Seneca Lake out of Sampson State Park 12/5 PM

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My contact form still isn’t working.  Feel free to email me at JGaulke001@twcny.rr.com or call at (607)319-0450 if inquiring about dates.  I hope to have the issue resolved this week.  Most dates are open from here on through the winter.  I can guide on fairly short notice.

12/5 Seneca Lake out of Sampson State Park:  Over the past few years, around this time of the year I’ve checked on lake trout jigging on Seneca Lake.  With alewives usually in deep water this time of year, it’s a good time to see what’s out there in terms of fish.  I had what appeared to be pretty good conditions and gave the jigging around an hour and 40 minutes.  I marked fair numbers of fish out from 120′ to 150′ of water.  I had numerous follows from what had to be lake trout, but they weren’t hitting very well.  I had three hits, none of which were very solid – basically some tail grabs.  So not much has changed here as far as I can tell.

 

Lake trout stocking rates were increased in 2020.  These fish will be three years old and probably around 14″ long in the spring 0f 2022.  At this point they should be starting to gradually eat their share of alewives.  We’ll see what happens.  Sampson State Park has been developed into a Park/Campground with lots of small cabins and campers.  For better or worse this is what we have over here now.  I have no idea what the boat traffic is like here in the summer, but with Seneca Lake’s volatile weather and seas, it probably won’t be too much of a factor.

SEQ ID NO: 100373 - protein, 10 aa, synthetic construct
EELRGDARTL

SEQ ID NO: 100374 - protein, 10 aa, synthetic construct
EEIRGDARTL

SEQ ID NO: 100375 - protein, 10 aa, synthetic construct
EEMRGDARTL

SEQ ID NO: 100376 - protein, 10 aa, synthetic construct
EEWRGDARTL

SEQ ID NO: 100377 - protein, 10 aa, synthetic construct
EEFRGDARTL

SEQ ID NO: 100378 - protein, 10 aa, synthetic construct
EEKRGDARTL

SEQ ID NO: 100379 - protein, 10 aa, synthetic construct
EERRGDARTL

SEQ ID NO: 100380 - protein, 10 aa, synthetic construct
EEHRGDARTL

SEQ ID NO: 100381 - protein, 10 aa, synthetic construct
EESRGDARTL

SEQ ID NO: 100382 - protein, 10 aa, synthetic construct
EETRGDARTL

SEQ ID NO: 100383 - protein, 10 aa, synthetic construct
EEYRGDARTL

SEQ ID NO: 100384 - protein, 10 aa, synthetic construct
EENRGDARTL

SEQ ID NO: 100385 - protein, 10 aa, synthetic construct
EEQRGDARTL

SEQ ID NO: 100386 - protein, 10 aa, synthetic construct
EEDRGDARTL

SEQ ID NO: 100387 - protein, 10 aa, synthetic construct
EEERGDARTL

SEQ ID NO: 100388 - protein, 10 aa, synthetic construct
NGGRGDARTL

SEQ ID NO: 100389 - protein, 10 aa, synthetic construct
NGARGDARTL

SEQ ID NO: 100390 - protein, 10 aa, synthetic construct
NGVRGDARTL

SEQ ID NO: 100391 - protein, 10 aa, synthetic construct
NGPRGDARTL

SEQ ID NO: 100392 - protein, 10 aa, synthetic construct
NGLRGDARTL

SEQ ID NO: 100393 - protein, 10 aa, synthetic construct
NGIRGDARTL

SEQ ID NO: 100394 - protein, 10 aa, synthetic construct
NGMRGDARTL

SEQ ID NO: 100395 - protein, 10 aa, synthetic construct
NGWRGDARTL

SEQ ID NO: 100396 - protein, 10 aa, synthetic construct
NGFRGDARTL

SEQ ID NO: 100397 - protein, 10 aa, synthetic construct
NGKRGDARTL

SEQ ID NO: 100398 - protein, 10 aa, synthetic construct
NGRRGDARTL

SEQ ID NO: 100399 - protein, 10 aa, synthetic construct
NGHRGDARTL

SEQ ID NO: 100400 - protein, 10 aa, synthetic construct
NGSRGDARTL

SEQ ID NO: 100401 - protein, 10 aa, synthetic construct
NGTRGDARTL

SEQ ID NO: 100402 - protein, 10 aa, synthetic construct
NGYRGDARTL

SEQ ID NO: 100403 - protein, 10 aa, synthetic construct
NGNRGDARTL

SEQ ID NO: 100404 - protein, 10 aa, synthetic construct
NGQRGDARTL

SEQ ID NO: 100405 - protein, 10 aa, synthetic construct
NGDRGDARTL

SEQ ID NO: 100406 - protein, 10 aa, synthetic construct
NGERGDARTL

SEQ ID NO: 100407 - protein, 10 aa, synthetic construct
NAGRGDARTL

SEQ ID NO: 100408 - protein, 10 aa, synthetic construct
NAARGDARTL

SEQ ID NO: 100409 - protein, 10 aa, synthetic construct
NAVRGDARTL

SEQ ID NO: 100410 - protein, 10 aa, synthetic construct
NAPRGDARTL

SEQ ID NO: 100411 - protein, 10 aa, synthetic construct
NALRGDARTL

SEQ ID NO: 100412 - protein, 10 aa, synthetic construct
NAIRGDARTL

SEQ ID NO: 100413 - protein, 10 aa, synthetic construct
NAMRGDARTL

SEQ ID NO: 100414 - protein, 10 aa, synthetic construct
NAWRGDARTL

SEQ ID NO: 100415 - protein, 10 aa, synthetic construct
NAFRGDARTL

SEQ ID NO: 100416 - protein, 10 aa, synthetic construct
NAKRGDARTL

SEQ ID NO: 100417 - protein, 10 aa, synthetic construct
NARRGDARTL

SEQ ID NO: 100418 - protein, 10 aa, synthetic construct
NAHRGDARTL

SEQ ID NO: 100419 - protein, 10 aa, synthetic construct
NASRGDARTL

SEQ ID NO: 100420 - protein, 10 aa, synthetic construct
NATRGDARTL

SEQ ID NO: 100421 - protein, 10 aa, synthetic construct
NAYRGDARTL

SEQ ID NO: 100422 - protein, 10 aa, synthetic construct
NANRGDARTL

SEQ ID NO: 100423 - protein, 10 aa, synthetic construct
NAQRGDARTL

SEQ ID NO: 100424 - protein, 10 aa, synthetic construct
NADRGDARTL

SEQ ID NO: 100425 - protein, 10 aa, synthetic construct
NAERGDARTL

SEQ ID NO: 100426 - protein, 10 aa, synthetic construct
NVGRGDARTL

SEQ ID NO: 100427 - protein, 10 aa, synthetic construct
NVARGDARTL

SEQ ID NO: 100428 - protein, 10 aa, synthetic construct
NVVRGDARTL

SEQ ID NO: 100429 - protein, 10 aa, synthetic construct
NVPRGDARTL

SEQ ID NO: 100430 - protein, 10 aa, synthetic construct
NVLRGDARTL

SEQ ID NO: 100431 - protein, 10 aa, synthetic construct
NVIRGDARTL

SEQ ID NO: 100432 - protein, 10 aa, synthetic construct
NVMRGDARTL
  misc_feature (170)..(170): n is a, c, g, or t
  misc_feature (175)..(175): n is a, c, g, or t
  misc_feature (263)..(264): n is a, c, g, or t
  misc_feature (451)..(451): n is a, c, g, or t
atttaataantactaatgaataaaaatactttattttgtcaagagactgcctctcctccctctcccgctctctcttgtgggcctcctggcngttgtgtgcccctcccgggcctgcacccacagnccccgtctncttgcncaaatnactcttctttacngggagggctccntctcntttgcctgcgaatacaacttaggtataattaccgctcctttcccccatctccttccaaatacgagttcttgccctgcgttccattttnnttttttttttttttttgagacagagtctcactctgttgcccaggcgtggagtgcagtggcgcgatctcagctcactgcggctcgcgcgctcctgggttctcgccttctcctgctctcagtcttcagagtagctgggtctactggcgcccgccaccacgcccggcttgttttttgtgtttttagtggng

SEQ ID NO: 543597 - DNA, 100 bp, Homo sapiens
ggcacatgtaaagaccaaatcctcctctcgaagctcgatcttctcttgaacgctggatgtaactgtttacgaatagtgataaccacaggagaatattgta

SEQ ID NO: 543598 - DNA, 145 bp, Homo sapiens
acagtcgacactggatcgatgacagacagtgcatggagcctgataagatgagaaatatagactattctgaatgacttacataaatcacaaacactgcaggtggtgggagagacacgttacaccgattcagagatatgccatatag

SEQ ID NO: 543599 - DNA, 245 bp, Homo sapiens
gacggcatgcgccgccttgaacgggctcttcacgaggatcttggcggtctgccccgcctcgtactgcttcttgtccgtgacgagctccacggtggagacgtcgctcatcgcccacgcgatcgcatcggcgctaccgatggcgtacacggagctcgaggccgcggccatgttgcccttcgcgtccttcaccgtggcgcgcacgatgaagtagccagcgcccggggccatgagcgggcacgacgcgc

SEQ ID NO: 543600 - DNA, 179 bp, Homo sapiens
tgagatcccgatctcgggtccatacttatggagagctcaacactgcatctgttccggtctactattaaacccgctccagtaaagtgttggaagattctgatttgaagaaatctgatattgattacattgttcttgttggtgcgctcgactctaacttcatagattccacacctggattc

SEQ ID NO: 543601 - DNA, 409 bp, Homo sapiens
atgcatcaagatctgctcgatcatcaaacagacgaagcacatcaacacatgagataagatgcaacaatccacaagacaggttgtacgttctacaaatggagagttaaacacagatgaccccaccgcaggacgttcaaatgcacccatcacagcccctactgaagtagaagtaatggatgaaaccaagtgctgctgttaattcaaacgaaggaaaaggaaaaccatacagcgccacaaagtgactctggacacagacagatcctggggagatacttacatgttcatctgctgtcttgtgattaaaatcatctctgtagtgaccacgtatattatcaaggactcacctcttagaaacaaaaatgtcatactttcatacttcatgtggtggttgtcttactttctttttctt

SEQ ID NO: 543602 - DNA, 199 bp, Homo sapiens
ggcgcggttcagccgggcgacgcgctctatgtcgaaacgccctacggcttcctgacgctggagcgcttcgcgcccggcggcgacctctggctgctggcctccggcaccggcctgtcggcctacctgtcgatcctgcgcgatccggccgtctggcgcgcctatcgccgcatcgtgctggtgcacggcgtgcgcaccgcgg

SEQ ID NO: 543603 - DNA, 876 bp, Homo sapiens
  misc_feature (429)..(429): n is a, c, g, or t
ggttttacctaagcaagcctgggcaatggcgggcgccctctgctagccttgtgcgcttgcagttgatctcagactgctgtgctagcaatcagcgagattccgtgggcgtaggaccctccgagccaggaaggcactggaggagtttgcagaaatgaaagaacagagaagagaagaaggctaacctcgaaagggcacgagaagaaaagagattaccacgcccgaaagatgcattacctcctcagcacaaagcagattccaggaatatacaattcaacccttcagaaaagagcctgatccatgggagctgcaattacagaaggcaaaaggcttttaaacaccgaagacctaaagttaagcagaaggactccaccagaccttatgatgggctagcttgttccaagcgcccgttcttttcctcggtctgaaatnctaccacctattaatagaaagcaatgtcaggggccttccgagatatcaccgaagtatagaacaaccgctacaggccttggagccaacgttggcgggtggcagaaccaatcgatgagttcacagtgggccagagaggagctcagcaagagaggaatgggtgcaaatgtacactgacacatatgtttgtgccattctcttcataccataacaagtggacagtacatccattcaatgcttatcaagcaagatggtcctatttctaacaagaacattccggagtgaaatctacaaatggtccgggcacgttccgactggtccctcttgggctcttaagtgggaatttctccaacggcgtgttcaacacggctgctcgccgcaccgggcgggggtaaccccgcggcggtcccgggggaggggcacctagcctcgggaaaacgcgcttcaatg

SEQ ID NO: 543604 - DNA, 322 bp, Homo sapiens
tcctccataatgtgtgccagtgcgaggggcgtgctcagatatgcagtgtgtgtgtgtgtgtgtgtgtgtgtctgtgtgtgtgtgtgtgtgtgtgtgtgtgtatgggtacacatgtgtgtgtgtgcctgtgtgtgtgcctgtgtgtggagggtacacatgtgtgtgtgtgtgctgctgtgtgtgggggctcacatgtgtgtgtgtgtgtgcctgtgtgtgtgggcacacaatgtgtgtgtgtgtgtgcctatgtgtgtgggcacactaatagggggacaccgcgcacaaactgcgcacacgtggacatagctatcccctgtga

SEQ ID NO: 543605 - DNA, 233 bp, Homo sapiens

I checked on a pike area that I hadn’t fished this season and had no action.  Weed growth really varies on the Finger Lakes each year.  I went to one of the areas I fished last time and had some good action for around a half hour before trying another area, which yielded a hit and a follow.  I wrapped my day up after 4 hours.   Water levels are still good.  Water temp is 37.9 degrees.  Out of the four pike I landed, the largest one had some serious lamprey wounds.  As the lake trout population builds in this lake, it will help to divert some of the lamprey attacks.  Lampreys prefer fish with small scales of no scales.   Seneca strain lake trout have a history with lampreys and surviving their attacks.